by Marquisha Harden

Everyone needs to rely on someone to some extent. Before we were born, we relied on our mother to nurture us in her womb, to take care of herself so that we would have the opportunity at life. Children rely on their caretakers to answer their million “why questions”. Teenagers often believed they have all the answers to life, but rely on their parents to steer them in right direction as they enter adulthood. And the need for nurture and attention continues in every stage of life. The type of attention received during the early stages of life often determines how adults reciprocate attention. Some women have expressed their need to give and receive attention in an unhealthy manner.

Women need attention. We need someone to recognize our accomplishments, complement our new look, encourage our dreams, listen to our daily news flashes, love us at our best and worse; the list could go on. Unfortunately, we don’t always realize our need for attention robs us of developing healthy relationships because we are focused on the praise. As a result, we sometimes compromise who we are to receive attention from anyone. We become promiscuous, wear revealing clothes, point out faults in others, or behave obnoxiously. We may even become overachievers to appeal to others, regardless if it’s God’s will or not. We choose to market, or accentuate “certain” body parts and personality traits to make ourselves noticeable, even if it’s for a moment. Some women have accepted unhealthy attention, from family, friends, or lovers, because they lacked healthy attention as a child, or in their current relationships. Some have yet to accept who they are and whose they are; if someone is handing out attention, they’re next in line to receive it (good or bad).

Ephesians 2:10, “For we are God’s masterpiece. He has created us anew in Christ Jesus, so we can do the things he planned for us long ago.”

“Good” attention will push you towards your goals and purpose. It plants seeds to help you grow in areas other than your ego. It helps develop love for others. You won’t feel the need to be the center of attention. Others will naturally gravitate toward you because you are positive and loving. Good relationships help nurture your ministries; it also provides constructive criticism regarding your weaknesses. You’ll get busy nurturing others and God will send the right people to nurture you and give you healthy attention. It gives balance to your life so you can see yourself the way God sees you. However, if you allow the wrong people to uplift you, they may place you on a pedestal higher than you should be; it will make you lose your balance in other areas like praising and worshipping God. You’ll worship the praises they give you instead.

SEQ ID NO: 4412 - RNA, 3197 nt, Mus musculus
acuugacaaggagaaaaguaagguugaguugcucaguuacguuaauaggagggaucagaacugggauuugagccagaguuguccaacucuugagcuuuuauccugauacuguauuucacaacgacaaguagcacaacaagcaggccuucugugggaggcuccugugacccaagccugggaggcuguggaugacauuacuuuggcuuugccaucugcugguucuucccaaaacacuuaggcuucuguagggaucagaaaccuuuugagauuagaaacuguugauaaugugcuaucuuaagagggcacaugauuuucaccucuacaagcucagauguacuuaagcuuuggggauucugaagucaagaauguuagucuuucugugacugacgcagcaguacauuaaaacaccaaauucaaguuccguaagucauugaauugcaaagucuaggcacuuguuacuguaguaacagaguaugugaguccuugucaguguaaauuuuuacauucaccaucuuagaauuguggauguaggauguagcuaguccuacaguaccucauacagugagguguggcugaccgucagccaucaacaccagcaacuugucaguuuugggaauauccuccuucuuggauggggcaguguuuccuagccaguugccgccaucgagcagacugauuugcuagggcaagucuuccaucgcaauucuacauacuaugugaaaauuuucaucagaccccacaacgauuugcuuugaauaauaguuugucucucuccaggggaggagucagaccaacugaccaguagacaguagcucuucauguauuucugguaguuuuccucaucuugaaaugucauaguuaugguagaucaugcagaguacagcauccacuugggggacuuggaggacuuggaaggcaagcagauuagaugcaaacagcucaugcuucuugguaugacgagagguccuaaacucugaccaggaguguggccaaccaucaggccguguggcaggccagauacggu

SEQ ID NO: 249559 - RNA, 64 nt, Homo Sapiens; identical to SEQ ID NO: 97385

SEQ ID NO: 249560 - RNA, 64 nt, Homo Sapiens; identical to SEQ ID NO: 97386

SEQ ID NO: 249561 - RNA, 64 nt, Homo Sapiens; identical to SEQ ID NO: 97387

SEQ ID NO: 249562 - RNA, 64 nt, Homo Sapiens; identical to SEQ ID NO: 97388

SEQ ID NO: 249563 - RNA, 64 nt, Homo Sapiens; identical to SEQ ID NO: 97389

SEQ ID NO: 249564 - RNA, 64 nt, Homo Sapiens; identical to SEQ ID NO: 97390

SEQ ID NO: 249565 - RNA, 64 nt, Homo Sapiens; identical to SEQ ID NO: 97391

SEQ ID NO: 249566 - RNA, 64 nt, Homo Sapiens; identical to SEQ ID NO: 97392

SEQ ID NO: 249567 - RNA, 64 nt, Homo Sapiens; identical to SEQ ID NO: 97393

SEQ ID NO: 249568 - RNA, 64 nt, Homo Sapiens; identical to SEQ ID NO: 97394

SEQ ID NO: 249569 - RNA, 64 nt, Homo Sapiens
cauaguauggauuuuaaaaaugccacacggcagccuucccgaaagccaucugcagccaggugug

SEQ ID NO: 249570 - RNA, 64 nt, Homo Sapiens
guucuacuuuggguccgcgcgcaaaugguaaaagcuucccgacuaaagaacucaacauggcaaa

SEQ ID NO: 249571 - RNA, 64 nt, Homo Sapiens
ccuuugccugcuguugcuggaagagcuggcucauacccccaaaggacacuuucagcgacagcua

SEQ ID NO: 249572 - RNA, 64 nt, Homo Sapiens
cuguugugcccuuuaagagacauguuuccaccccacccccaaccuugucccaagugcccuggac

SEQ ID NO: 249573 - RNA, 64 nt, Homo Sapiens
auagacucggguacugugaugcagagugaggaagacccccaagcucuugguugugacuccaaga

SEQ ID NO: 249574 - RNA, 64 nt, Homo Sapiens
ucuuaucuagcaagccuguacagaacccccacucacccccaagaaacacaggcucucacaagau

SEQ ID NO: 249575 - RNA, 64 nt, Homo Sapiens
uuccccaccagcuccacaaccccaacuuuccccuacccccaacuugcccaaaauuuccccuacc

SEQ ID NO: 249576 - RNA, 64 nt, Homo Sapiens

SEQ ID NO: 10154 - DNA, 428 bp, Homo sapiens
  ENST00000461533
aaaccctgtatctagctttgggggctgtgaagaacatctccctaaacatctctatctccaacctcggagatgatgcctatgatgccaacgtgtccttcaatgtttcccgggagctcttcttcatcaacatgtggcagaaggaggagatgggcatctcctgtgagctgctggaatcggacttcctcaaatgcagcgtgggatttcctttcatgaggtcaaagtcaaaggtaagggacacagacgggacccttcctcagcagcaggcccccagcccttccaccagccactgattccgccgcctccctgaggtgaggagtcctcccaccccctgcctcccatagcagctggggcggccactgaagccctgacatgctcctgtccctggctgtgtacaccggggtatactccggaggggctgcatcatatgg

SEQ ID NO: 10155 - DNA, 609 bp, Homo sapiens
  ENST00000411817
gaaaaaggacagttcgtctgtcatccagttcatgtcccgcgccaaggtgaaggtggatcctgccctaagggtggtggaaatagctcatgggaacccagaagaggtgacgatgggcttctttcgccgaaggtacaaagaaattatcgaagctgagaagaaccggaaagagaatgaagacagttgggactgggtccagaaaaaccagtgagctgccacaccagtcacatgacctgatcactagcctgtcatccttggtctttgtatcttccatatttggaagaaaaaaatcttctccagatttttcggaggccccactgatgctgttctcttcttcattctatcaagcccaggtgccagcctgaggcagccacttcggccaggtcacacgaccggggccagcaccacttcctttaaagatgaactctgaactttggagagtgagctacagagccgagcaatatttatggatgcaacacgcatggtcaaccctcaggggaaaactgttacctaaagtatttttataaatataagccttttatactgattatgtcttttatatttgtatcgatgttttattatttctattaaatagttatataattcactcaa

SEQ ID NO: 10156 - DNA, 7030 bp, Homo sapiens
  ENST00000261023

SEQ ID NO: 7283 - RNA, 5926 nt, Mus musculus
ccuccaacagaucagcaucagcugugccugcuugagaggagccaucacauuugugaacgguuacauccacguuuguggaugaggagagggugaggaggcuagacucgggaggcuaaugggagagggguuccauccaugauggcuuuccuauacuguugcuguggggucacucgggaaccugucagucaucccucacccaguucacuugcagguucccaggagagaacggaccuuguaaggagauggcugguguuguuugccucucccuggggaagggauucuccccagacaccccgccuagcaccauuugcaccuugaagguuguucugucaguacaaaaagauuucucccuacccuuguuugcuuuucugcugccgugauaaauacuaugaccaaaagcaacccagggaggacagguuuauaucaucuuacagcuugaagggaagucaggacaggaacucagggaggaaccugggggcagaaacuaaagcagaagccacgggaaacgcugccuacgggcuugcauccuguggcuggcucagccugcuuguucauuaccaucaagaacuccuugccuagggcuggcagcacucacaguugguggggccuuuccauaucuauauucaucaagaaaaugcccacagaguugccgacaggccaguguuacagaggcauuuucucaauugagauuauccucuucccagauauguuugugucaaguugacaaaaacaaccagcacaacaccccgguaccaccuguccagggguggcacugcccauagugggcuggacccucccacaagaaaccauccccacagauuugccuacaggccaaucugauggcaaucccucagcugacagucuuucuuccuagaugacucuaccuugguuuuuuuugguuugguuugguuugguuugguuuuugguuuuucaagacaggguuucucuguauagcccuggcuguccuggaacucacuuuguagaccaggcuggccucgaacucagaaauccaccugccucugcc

1 Peter 3:3-7, “Do not let your adornment be merely outward – arranging the hair, wearing gold, or putting on fine apparel – 4 rather let it be the hidden person of the heart, incorruptible beauty of a gentle and quiet spirit, which is very precious in the sight of God.” This scripture doesn’t mean you can’t dress nicely and care about your appearance; but realize your true beauty comes from within. And God is so wonderful because He tells you how to present yourselves to Him because he wants you to draw closer to HIM.

Romans 12:2, “And do not be conformed to this world, but be transformed by the renewing of your mind, that you may prove what is that good and acceptable and perfect will of God.”

“Bad” attention drains the best parts of you because you are constantly transforming yourself into the latest “it thing”. It masks your true essence and covers you with layers of other people’s opinions; people’s opinion of you will change. It’s like you’ve become a puppet waiting for the next person to tell you you’re beautiful, talented, or anointed. You start to join ministries because you are hoping the pastor or a fellow church member notices you. If they don’t, then you switch ministries still seeking praise to uplift yourself. While you’re busy seeking attention from others, you neglect your first command of loving and attending to the needs of others.

2 John 1:5, “And now I plead with you, lady, not as though I wrote a new commandment to you, but that which we have heard from the beginning: that we love one another.”

Isaiah 1:17, “Learn to do right, seek justice, rebuke the oppressor, defend the fatherless, plead for the widow.”

You are the apple of God’s eye! Allow him to love, nurture, and attend to your every need. His thoughts about you won’t change regardless of your status, accomplishments, or failures. His love for you goes beyond anything you could ever measure against man’s opinion of you. You have to reaffirm who God has ordained you to be. Spend time away from others and get to know Him; He will reveal who you are to Him. Set standards and follow through with them. Reward yourself for your accomplishments and let that be enough. Enjoy being who you are without waiting for someone else’s approval. Better yet, enjoy being who God says you are because only His approval counts.

Deuteronomy 32:9 -10, “For the Lord’s portion is His people; Jacob is the place of His inheritance. He found him in a desert land and in the wasteland, a howling wilderness; He encircled him, He instructed him, and he kept him as the apple of His eye.”